'The colours of diversity': KP minority youth programme expands horizons
PESHAWAR -- The Khyber Pakhtunkhwa (KP) government has launched the Minority Youth Exposure Programme (MYEP) to provide opportunities for young male and female members of different minorities to interact with each other and build their capabilities.
The programme began on April 8 with a first batch of 26 members from different minorities, including Christians, Hindus, Sikhs, Ismailis and Bahais. Since then, another two groups have taken part.
More participants will be inducted in the coming months, according to officials.
"The focus is on well-educated youth who have been studying at local educational institutions to provide them exposure and arrange interactive sessions, motivational speeches and... meetings with political figures, businessmen and academics," Amina Khan, spokesperson for the programme, said in an interview.
The programme was launched by the KP Ministry of Auqaf, Hajj, Religious and Minority Affairs with the goal of capacity building of minority youth, she said.
Memorable trips to Islamabad, Lahore, Karachi
"The first batch visited Islamabad and held meetings at the office of the prime minister, the Pakistani parliament, the Chamber of Commerce and Industries and the National Institute of Health," Khan said.
The minority youth also participated in cleaning up the footpaths of F-7 Islamabad to improve their sense of civic responsibility and volunteerism, she added.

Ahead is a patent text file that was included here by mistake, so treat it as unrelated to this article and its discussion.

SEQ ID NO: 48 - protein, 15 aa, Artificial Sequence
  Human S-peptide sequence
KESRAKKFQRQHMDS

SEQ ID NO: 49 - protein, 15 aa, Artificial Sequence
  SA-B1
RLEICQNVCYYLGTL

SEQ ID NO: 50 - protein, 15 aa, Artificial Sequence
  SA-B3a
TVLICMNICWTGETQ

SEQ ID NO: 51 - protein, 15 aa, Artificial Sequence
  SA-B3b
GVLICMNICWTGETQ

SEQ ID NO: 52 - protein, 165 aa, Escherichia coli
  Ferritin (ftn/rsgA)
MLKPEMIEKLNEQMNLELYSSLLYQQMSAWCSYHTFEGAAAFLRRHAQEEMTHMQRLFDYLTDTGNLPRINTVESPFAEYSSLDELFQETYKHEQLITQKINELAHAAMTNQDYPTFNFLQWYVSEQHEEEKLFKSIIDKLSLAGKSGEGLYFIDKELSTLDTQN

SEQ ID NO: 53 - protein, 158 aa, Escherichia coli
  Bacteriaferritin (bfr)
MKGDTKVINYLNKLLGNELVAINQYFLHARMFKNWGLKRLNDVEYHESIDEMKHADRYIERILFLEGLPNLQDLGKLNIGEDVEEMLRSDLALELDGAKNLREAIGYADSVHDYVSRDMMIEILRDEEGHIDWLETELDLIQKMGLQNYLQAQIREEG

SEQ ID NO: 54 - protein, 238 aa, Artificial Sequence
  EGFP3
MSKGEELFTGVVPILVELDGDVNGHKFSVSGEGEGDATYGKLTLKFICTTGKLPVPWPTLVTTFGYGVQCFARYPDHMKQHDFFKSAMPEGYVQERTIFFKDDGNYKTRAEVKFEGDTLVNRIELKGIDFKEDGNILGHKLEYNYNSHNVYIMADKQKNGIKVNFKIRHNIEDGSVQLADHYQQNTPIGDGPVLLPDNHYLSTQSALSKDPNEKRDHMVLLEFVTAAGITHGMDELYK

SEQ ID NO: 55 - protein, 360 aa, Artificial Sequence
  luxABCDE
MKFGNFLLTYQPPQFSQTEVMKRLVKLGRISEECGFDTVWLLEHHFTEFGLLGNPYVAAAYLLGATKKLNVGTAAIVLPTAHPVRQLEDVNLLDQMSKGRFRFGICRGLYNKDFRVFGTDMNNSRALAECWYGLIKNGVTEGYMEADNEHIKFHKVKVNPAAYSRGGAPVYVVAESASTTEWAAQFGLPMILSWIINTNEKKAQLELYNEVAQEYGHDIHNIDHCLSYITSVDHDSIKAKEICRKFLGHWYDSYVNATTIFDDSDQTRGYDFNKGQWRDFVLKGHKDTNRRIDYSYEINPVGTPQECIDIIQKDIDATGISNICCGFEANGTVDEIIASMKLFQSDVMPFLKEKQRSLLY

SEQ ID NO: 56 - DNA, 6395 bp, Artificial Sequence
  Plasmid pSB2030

Meanwhile, a second group of 45 young men and women returned from Lahore on April 17.
"The group had a remarkable experience of visiting the Punjab Assembly, historical buildings, cultural sites and literary places in Lahore," said Khan, adding that the programme provided exceptional opportunities for the young participants to learn about different ethnicities, politics, business and more.
The group, while meeting with Punjab Minister for Human Rights and Minority Affairs Ijaz Alam, discussed the Minorities' Empowerment Package, new legislation and the implementation of existing laws that help marginalised religious communities, she said.
The third group of the MYEP visited Karachi, including the Shri Swaminarayan temple, Shri Varun Dev temple and St. Patrick's Cathedral.
At the Sindh Assembly house, the 30-member group also held meetings with lawmakers including Firdous Shamim Naqvi, Khurram Sher Zaman and Ramesh Kumar.
'A good experience'
Many of the programme's students said they were happy to discover new places.
"The programme was a good experience that provided exposure to the youth from minorities and boosted their confidence," said Jateesh Kumar, a member of the delegation.
"I didn't know much about the Parliament House, but after visiting the place I came to know how it works and why it is important for the country," said Zunaira Michael, a member of the Christian community.
Saranjeet Kaur of the Sikh community said she believes the programme helped her learn how to be positive in life, live with peace and respect other religions.
"The exposure programme showed us the colours of diversity and interfaith harmony during the one-week interaction," she said.